I left a lengthy review comparing the Jabra Evolve2 85 (E285) vs Bose Quiet Comfort 35 II (QC35II) vs Bose Noise Cancelling 700 (B700) vs Sony WH-1000XM4 (SX4) (in order of when I received them) for the E285. This is a shorter version of that review, mostly focusing on QC35II and E285. This was almost entirely written up during the week I had all four headsets for direct comparisons. Microphone and Playback QC35II recordings were consistently louder than the E285. But the E285 did a far better job of removing background noise, as evidenced by my recordings while drumming. Muting can be done with the QC35II but it was much more difficult than just raising/lowering the boom arm of the E285. Audio Output - DISCLAIMER - I'm not an audiophile E285 and SX4 audio sound better than the QC35II but primarily because I can use an equalizer and increase bass (obviously this is the most important factor). Even if the QC35II had better hardware, it’s not as accessible and therefore is a moot point. Win for SX4. Runner up is E285. Brand Bose: wanted my location and would ask for it every time I open the app (and wouldn’t allow usage without accepting beyond the standard Bluetooth connection process). These are headphones. You don’t need my location. Jabra: doesn’t require my location. Instead, it lets me know if I desire to give it my location, it will use it to locate my headphones. No, but thank you for giving me an actual choice! Win for Jabra. Runner up is Sony. ANC When standing in front of running water, QC35II had slightly better cancellation, but not a noticeable difference without actively concentrating. When playing on a drumpad, the E285 did a noticeably better job than the other headsets. It sounds like the pad is being muffled (which is what I’m looking for), whereas the others don’t quite succeed. During testing of the QC35II, whether ANC was on/off, there was a ceaseless light static (with no audio playing). I thought it quite odd and luckily, it didn’t happen again, but I suppose it could. With the QC35II, when the drum pad was hit, there was a tang sound, like the residual sound from tapping on a pan, as opposed to the muffled thumping the E285 gives. Perhaps with a constant noise the QC35II does a slightly better job filtering, but the E285 does a better job with impact noises (or maybe it’s just higher frequencies). In addition, the hear-through function of the E285 is awesome. With the QC35II ANC off, it sounds like the microphone is picking up sound and then replaying it in the speakers. In contrast, the E285 hear-through, which has adjustable levels, almost makes it sound like you’re not wearing them (tested at maximum hear-through). Win for E285. Runner up is SX4. Connectivity The E285 and SX4 have longer ranges than the QC35II. The E285, most of the time, reconnects automatically when coming back into range. QC35II, SX4, and E285 have a 3.5 mm jack. Why doesn’t the B700? Because it sucks. Double-connection to my PC (independent of range): E285 is easier because it’s just plug-and-play, no downloads or “connecting”. The QC35II and SX4 are only Bluetooth, so you have to do the standard “add device”, etc. An added feature of the Jabra is Jabra Direct, a software you can download to better manage your Jabra. It gives you a few more options and is worth using, in this writer’s humble opinion. Response time: the QC35II and B700 have a slightly faster response time when pausing media than the E285. The SX4 is the fastest, though we’re talking minute (not 60 seconds) differences. The E285 is on the cusp of being slow enough to be annoying, but not quite. The E285 and SX4 also have the cool feature of pausing media when the headphones are removed from your skull. Again, the E285 feel lack-luster in comparison because they take approximately 4 M-I-S-S-I-S-S-I-P-I seconds to pause, whereas the SX4 is half that time. For the E285, I’ve noticed the ear detection only works properly when playing music from your phone and not the PC. When using it with the PC, if I remove the headphones, the music will pause as it should. But it doesn’t resume when I put them back on. If I pause the music with the button, then remove the headset, it resumes. Again, cool feature, but needs work, especially when using it with the PC. App connectivity: some issues with E285. Some issues with SX4. Some issues with QC35II (Bose Connect). LOTS of issues with B700 (Bose Music). Unfortunately, apps are prone to some bugs every now and then. I can’t say which of the two (Sony/Jabra) had more, so neither bothered me much. Win for SX4 (better media response time). Runner up is E285. Voice Assistant Couldn’t even get B700 to work. First off, I have to change the “action” button from ANC control to activate voice assistant (so you can’t have both functionalities at the same time). However, once button mapping was adjusted accordingly, I click the button and it says “open your Google Assistant settings”, with no further instructions. I open the Home app, and once again, no further instructions, so I didn’t get it working. I didn’t spend anymore time on it because in contrast, the E285 and SX4 worked exactly as expected. No setup or anything, I just pushed the button and my assistant came up. The caveat for the E285 is you have to pull down the boom arm to use the feature (you can still press the action button with the boom arm up and have the assistant prompt, but because the arm is up, the microphone is off so it’s pointless). Perhaps Bose has better functionality when used with Alexa, but I use Google so I’m not bothering with testing that. Tie between E285 and SX4. I know this is extremely nit-picky, but the Bose assistant’s voice is far more annoying than Jabra or Sony. She sounds like an actual robot as opposed to someone I wouldn't mind meeting. Controls The QC35II and E285 have essentially the exact same button layout and functionality. The key difference is the action button on QC35II. It can be EITHER for voice assistant or cycling through ANC. On the other hand, you can access both functionalities on the E285, with the caveat of lowering the boom arm first for the voice assistant. The other difference is placement of the power button. On the QC35II, it’s a lateral switch on the side of the right ear cuff. On the E285, it’s a vertical switch on the bottom of the left ear. I literally don’t have a preference between the two. However, I do have a preference for the other buttons. While in the same place (the action button on the QC35II is in the same place as the ANC cycling button on the E285), the QC35II has a much more noticeable difference between the volume buttons and the play/pause, which I like better. All the buttons are bigger and more defined, plus the volume buttons are slightly raised, making it even easier to know what you’re pressing. On the E285, the buttons take up less surface area and are rather flat. Muting is definitely easier with the E285 because you simply raise or lower the boom mic. Though it also takes a little longer. The QC35II is more annoying because you have to press two buttons at the same time (the volume buttons). Win for SX4 (touchless controls are better). Runner up is E285. Comfort and Style I prefer the QC35II. Though I’ve been wearing the E285 for a little over an hour and was so comfortable, I had to look to my left to see which headset I wasn’t wearing. So both are very comfortable, but for comparison’s sake, it’s a win for QC35II. Runner up is E285/SX4 (just as comfortable). Extra The E285 has the hear-through feature, which I really like because I use ANC only when there are sounds I actively don’t want to listen to, like from mine or my roommate’s drumming, running water, laundry, phone call, or pooping with the fan on. Other than those times, I want some awareness of my surroundings because there’s nothing more frustrating than trying to get the attention of someone with headphones on (especially at work). In addition, the E285 and SX4 have ear detection (discussed previously). The E285 has a great way of handling multiple calls with its huge button on the right cuff. You can switch between two phone calls by putting one on hold and accept/end/reject calls using it. This is RARELY used, but it's cool. Issues My biggest issue was trying to connect QC35II with my Google Assistant. Besides that, functionality of the QC35II was pretty much flawless. Speaking of Google Assistant, there’s some variability with functionality with the E285. At the very least, the action button on the arm activates the assistant. But sometimes the input for said assistant is on the phone rather than the arm. Most of the time it works as expected. I think the additional connection to the PC adds complexity that needs to be vetted out for seamless functionality for the E285. Final verdict, best to worst: E285, SX4 (killer - no mute function, worse hear-through), QC35II (killers - older BT connection, worse audio, poor ANC). Literally wouldn't buy B700. UPDATE: It's been several weeks since I returned all but the Jabra Evolve2 85 (I use it 3-10 hours every single day) and my final rating is four stars while the QC35II I gave two. When the E285 works, it's great. But it doesn't work all the time, unfortunately. Even so, the E285 is better in just about every way. Stronger connection, more functionality, better app, better audio, better background noise removal (though the QC35II you could maybe argue is better at ANC, but not during a call). As far as functionally using the QC35II, I would give it three stars. But I give it two because the Bose app REQUIRES your location and that is absolutely ludicrous. It's a pair of headphones. You don't need my location. Note - if muting yourself directly from your headset isn't important to you and you're not typically in a noisy environment during calls, then I would honestly recommend the Sony WH-1000XM4.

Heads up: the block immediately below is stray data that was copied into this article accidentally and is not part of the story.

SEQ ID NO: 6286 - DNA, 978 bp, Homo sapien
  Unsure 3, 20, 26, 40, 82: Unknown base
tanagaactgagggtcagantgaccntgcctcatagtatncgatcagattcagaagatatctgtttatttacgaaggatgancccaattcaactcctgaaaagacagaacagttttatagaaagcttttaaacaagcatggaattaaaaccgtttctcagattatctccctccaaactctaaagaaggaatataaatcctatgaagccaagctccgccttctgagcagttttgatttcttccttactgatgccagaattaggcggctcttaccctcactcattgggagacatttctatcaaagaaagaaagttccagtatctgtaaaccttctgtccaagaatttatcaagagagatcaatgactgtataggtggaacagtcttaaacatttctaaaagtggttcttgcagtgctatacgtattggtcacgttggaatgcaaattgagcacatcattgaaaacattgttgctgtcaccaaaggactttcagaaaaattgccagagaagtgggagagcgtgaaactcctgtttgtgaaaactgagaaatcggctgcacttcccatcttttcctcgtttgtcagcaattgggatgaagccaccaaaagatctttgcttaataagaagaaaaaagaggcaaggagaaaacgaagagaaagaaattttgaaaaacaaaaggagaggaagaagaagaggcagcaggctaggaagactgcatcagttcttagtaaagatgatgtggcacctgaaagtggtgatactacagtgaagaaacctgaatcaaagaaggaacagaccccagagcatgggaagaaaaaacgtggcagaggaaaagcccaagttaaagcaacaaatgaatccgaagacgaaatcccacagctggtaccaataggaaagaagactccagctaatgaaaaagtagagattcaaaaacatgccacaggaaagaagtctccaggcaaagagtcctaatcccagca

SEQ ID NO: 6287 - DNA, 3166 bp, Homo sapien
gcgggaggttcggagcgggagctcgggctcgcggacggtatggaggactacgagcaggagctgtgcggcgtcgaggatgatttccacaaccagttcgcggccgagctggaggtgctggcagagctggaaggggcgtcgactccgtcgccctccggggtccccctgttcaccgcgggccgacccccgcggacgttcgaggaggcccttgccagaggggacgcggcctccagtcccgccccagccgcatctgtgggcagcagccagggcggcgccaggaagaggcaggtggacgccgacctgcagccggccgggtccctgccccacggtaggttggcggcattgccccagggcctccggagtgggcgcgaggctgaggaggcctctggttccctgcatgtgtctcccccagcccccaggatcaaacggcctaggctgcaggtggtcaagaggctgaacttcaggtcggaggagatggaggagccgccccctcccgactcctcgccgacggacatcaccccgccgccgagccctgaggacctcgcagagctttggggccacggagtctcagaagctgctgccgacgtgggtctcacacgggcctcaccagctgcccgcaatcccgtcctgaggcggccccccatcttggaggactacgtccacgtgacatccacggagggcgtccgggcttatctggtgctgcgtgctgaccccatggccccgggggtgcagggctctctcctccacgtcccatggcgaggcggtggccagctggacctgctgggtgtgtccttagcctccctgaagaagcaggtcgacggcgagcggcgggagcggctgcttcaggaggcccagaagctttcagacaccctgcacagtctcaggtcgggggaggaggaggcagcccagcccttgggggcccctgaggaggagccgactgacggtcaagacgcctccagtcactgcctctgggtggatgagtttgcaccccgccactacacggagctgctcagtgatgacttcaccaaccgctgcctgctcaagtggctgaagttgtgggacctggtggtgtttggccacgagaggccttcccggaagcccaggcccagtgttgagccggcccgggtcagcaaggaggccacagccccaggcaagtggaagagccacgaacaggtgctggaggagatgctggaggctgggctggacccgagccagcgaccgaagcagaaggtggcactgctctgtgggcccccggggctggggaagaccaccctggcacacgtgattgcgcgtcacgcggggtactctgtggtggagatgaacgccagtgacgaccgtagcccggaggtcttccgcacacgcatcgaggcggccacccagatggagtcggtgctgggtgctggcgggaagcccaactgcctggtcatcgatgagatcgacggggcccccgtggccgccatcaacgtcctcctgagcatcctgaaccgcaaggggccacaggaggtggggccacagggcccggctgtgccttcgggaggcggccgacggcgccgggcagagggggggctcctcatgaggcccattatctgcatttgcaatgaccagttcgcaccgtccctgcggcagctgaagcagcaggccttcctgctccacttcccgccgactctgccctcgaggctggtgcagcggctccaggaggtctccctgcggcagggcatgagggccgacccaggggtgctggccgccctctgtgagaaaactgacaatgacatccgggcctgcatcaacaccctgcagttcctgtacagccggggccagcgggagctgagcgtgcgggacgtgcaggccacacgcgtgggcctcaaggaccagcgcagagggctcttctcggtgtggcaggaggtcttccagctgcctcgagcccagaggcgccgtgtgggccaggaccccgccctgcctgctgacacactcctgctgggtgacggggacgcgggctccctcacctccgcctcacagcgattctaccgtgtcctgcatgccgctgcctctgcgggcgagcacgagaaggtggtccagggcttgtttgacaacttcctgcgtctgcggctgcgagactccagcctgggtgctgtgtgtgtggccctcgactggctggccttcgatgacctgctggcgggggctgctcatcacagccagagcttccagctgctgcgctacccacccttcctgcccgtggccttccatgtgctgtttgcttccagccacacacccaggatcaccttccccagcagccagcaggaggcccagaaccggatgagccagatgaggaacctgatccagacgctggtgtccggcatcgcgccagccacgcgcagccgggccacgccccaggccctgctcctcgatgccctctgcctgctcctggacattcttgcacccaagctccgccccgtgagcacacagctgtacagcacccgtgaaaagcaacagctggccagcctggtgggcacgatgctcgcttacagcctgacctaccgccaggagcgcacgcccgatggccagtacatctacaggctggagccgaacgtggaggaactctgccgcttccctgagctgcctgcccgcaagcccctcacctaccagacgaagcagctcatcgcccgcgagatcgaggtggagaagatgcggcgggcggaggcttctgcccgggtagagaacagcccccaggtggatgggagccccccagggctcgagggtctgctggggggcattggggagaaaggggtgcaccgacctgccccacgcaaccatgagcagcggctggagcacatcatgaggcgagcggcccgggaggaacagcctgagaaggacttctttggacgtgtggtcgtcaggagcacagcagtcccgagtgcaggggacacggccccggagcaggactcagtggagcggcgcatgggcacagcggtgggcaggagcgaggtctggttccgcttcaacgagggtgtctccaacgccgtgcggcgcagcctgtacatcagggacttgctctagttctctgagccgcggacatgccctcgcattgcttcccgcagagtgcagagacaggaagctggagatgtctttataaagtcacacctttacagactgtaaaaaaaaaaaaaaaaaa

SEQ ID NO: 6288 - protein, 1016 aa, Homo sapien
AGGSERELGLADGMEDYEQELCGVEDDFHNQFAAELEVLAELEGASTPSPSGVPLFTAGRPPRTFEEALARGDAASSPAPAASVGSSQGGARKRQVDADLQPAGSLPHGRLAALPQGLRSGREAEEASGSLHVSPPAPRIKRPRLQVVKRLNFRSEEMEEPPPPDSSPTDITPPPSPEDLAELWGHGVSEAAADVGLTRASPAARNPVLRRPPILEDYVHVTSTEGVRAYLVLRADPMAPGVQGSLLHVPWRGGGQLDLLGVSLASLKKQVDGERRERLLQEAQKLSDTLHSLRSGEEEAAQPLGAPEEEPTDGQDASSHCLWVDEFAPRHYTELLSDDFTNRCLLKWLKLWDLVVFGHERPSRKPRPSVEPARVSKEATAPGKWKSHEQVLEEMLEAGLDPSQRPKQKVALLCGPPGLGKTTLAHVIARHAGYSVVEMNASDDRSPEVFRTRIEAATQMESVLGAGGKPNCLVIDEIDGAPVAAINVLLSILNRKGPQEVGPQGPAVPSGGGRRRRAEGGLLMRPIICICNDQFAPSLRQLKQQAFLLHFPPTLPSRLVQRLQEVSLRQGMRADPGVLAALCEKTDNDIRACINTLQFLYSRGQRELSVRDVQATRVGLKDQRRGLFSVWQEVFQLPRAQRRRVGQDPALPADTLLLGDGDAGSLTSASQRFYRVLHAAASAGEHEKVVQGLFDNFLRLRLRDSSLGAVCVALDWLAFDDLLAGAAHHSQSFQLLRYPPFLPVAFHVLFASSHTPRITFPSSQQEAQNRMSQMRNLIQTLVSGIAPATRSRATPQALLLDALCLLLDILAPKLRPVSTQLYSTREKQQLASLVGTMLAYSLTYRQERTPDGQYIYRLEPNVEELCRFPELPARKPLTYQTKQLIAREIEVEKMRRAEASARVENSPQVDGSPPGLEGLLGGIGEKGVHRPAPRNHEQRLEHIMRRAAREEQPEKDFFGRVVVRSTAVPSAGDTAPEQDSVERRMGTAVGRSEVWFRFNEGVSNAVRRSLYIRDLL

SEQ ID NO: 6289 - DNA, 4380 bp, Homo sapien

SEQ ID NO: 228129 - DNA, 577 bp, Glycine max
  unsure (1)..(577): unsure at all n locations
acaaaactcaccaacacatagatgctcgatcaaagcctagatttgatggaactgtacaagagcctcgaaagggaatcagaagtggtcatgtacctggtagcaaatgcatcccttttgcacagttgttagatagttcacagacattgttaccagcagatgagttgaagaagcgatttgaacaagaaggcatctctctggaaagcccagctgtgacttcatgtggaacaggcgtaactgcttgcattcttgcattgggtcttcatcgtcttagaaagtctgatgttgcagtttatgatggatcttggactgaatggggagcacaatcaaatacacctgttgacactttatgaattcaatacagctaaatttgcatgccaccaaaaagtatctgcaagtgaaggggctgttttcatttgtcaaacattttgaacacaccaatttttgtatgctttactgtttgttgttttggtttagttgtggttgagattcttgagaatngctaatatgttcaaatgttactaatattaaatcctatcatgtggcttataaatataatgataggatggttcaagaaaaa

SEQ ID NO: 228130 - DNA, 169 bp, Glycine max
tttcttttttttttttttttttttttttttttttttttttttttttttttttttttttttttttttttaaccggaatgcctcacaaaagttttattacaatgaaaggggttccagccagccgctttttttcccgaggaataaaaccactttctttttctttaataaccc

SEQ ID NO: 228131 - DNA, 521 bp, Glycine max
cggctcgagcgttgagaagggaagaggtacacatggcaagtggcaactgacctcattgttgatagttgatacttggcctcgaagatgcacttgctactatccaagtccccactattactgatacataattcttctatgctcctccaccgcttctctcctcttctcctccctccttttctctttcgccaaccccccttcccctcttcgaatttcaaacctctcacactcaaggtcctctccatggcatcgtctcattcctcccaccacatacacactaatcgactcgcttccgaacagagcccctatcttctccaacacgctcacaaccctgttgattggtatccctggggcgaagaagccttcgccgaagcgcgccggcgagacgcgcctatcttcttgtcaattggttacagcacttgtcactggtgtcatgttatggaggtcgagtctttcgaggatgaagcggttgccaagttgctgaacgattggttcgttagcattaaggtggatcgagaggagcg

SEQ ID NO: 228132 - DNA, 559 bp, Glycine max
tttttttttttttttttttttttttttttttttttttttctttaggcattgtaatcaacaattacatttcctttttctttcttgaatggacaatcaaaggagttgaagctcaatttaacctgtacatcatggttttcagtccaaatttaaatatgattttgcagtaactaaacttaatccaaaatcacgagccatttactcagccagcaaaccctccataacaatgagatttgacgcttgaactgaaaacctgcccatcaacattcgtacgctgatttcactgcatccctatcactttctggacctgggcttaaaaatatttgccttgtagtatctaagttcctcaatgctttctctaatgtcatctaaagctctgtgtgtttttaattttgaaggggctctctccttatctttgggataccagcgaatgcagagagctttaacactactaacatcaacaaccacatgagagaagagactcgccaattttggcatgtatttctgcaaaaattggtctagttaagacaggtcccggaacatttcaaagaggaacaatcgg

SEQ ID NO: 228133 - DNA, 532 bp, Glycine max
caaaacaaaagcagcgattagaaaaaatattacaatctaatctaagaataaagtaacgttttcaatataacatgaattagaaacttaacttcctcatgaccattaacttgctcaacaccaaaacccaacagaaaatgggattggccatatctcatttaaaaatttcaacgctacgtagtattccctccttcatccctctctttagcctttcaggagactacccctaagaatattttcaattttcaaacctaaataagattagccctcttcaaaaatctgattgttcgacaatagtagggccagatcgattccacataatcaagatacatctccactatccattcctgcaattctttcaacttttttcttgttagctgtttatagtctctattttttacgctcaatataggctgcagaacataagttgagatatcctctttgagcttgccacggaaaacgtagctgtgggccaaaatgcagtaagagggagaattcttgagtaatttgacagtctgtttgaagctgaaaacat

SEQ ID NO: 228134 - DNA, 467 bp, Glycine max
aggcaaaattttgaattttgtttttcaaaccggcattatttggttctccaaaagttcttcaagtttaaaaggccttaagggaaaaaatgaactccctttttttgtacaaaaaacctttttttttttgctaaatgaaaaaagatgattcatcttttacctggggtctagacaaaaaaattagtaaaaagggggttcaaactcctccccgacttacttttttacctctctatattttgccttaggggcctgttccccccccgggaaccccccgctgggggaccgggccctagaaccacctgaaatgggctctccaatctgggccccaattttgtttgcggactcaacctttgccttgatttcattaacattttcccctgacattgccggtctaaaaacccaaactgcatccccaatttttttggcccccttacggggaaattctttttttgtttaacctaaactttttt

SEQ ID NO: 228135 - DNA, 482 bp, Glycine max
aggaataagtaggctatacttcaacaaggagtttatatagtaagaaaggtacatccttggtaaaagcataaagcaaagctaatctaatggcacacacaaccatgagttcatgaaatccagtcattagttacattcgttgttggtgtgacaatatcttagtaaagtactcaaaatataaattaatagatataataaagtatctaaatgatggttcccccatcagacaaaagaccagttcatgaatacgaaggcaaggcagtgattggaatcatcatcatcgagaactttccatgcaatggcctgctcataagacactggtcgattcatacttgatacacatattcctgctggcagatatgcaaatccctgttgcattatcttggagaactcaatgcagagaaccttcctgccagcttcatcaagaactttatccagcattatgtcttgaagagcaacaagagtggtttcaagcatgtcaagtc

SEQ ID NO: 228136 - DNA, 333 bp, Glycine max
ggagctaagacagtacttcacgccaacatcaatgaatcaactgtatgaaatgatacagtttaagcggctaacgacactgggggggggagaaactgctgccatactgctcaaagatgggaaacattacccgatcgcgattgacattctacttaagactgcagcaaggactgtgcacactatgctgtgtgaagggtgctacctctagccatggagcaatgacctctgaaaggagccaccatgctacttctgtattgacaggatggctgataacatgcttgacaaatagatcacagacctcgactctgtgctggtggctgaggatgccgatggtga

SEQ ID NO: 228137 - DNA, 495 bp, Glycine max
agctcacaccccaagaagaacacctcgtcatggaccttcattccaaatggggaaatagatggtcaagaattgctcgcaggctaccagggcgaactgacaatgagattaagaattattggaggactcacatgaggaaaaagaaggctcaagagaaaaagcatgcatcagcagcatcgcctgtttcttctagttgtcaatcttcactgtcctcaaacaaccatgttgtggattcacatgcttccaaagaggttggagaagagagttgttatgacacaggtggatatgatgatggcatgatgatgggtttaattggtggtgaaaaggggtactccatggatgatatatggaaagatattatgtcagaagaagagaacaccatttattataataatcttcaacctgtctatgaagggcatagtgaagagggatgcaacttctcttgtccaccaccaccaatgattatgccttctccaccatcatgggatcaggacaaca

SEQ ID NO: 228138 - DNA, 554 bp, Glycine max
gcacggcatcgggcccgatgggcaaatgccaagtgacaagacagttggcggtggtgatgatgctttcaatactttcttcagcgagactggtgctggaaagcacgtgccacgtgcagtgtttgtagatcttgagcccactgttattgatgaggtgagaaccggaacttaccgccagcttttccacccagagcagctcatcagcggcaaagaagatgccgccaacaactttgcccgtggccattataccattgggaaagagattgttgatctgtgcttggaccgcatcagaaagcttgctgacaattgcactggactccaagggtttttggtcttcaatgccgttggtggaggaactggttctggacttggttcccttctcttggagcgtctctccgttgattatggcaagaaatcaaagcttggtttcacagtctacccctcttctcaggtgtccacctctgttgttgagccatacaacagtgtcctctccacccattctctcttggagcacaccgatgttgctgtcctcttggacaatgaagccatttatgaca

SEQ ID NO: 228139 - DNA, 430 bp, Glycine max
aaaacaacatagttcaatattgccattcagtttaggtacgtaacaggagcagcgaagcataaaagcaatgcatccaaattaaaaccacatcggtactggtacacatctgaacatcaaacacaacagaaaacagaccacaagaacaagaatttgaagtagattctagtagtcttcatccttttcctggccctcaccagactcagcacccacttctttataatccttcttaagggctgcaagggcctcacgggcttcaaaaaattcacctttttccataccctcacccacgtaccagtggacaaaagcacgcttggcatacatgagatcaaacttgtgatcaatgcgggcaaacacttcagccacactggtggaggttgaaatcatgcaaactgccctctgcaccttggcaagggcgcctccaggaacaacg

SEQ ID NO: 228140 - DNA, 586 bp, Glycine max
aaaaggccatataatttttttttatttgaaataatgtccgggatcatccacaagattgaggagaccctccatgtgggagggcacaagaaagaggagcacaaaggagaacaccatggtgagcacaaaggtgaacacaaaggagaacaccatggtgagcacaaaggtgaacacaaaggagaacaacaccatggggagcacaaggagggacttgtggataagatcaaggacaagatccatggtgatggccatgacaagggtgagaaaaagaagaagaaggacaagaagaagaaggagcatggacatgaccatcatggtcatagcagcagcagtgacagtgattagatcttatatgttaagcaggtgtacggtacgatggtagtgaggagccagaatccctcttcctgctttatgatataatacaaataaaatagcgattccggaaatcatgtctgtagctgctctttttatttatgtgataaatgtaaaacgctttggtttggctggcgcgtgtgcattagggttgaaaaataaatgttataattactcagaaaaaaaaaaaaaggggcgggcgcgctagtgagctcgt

Reviewed in the United States 🇺🇸 on February 13, 2021 by Jason Brannock